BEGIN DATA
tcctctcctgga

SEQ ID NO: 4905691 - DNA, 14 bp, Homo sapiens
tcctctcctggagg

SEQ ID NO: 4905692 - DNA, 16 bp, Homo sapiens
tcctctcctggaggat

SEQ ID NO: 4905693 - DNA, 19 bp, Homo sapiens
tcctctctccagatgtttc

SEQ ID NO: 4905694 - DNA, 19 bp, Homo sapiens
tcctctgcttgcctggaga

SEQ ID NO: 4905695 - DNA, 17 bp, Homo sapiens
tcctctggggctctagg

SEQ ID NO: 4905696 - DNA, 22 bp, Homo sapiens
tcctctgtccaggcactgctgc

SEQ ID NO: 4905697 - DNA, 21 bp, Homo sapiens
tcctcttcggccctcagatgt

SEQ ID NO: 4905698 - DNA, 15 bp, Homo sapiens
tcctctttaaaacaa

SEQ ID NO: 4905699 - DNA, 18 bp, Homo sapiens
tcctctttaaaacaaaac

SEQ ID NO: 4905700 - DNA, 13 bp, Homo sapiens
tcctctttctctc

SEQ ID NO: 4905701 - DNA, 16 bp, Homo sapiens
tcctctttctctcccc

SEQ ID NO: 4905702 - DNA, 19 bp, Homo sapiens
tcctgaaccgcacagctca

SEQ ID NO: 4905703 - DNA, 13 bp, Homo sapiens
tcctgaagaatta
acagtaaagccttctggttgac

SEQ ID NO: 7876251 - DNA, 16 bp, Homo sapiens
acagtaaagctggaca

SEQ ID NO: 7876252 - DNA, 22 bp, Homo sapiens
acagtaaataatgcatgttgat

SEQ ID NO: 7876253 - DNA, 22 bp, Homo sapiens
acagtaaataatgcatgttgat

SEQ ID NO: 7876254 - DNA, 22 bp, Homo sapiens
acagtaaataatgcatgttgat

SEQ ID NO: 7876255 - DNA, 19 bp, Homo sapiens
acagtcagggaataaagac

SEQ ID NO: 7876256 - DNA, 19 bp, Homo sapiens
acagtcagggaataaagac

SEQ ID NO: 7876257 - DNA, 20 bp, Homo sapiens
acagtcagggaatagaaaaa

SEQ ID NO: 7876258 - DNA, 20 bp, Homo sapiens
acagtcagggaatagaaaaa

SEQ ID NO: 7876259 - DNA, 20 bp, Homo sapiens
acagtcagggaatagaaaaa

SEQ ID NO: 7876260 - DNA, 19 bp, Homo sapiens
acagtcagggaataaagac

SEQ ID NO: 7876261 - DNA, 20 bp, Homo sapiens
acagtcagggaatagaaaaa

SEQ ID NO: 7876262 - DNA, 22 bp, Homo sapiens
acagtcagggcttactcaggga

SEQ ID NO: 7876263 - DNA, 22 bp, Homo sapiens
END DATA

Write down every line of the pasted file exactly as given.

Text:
tcctctcctgga

SEQ ID NO: 4905691 - DNA, 14 bp, Homo sapiens
tcctctcctggagg

SEQ ID NO: 4905692 - DNA, 16 bp, Homo sapiens
tcctctcctggaggat

SEQ ID NO: 4905693 - DNA, 19 bp, Homo sapiens
tcctctctccagatgtttc

SEQ ID NO: 4905694 - DNA, 19 bp, Homo sapiens
tcctctgcttgcctggaga

SEQ ID NO: 4905695 - DNA, 17 bp, Homo sapiens
tcctctggggctctagg

SEQ ID NO: 4905696 - DNA, 22 bp, Homo sapiens
tcctctgtccaggcactgctgc

SEQ ID NO: 4905697 - DNA, 21 bp, Homo sapiens
tcctcttcggccctcagatgt

SEQ ID NO: 4905698 - DNA, 15 bp, Homo sapiens
tcctctttaaaacaa

SEQ ID NO: 4905699 - DNA, 18 bp, Homo sapiens
tcctctttaaaacaaaac

SEQ ID NO: 4905700 - DNA, 13 bp, Homo sapiens
tcctctttctctc

SEQ ID NO: 4905701 - DNA, 16 bp, Homo sapiens
tcctctttctctcccc

SEQ ID NO: 4905702 - DNA, 19 bp, Homo sapiens
tcctgaaccgcacagctca

SEQ ID NO: 4905703 - DNA, 13 bp, Homo sapiens
tcctgaagaatta
acagtaaagccttctggttgac

SEQ ID NO: 7876251 - DNA, 16 bp, Homo sapiens
acagtaaagctggaca

SEQ ID NO: 7876252 - DNA, 22 bp, Homo sapiens
acagtaaataatgcatgttgat

SEQ ID NO: 7876253 - DNA, 22 bp, Homo sapiens
acagtaaataatgcatgttgat

SEQ ID NO: 7876254 - DNA, 22 bp, Homo sapiens
acagtaaataatgcatgttgat

SEQ ID NO: 7876255 - DNA, 19 bp, Homo sapiens
acagtcagggaataaagac

SEQ ID NO: 7876256 - DNA, 19 bp, Homo sapiens
acagtcagggaataaagac

SEQ ID NO: 7876257 - DNA, 20 bp, Homo sapiens
acagtcagggaatagaaaaa

SEQ ID NO: 7876258 - DNA, 20 bp, Homo sapiens
acagtcagggaatagaaaaa

SEQ ID NO: 7876259 - DNA, 20 bp, Homo sapiens
acagtcagggaatagaaaaa

SEQ ID NO: 7876260 - DNA, 19 bp, Homo sapiens
acagtcagggaataaagac

SEQ ID NO: 7876261 - DNA, 20 bp, Homo sapiens
acagtcagggaatagaaaaa

SEQ ID NO: 7876262 - DNA, 22 bp, Homo sapiens
acagtcagggcttactcaggga

SEQ ID NO: 7876263 - DNA, 22 bp, Homo sapiens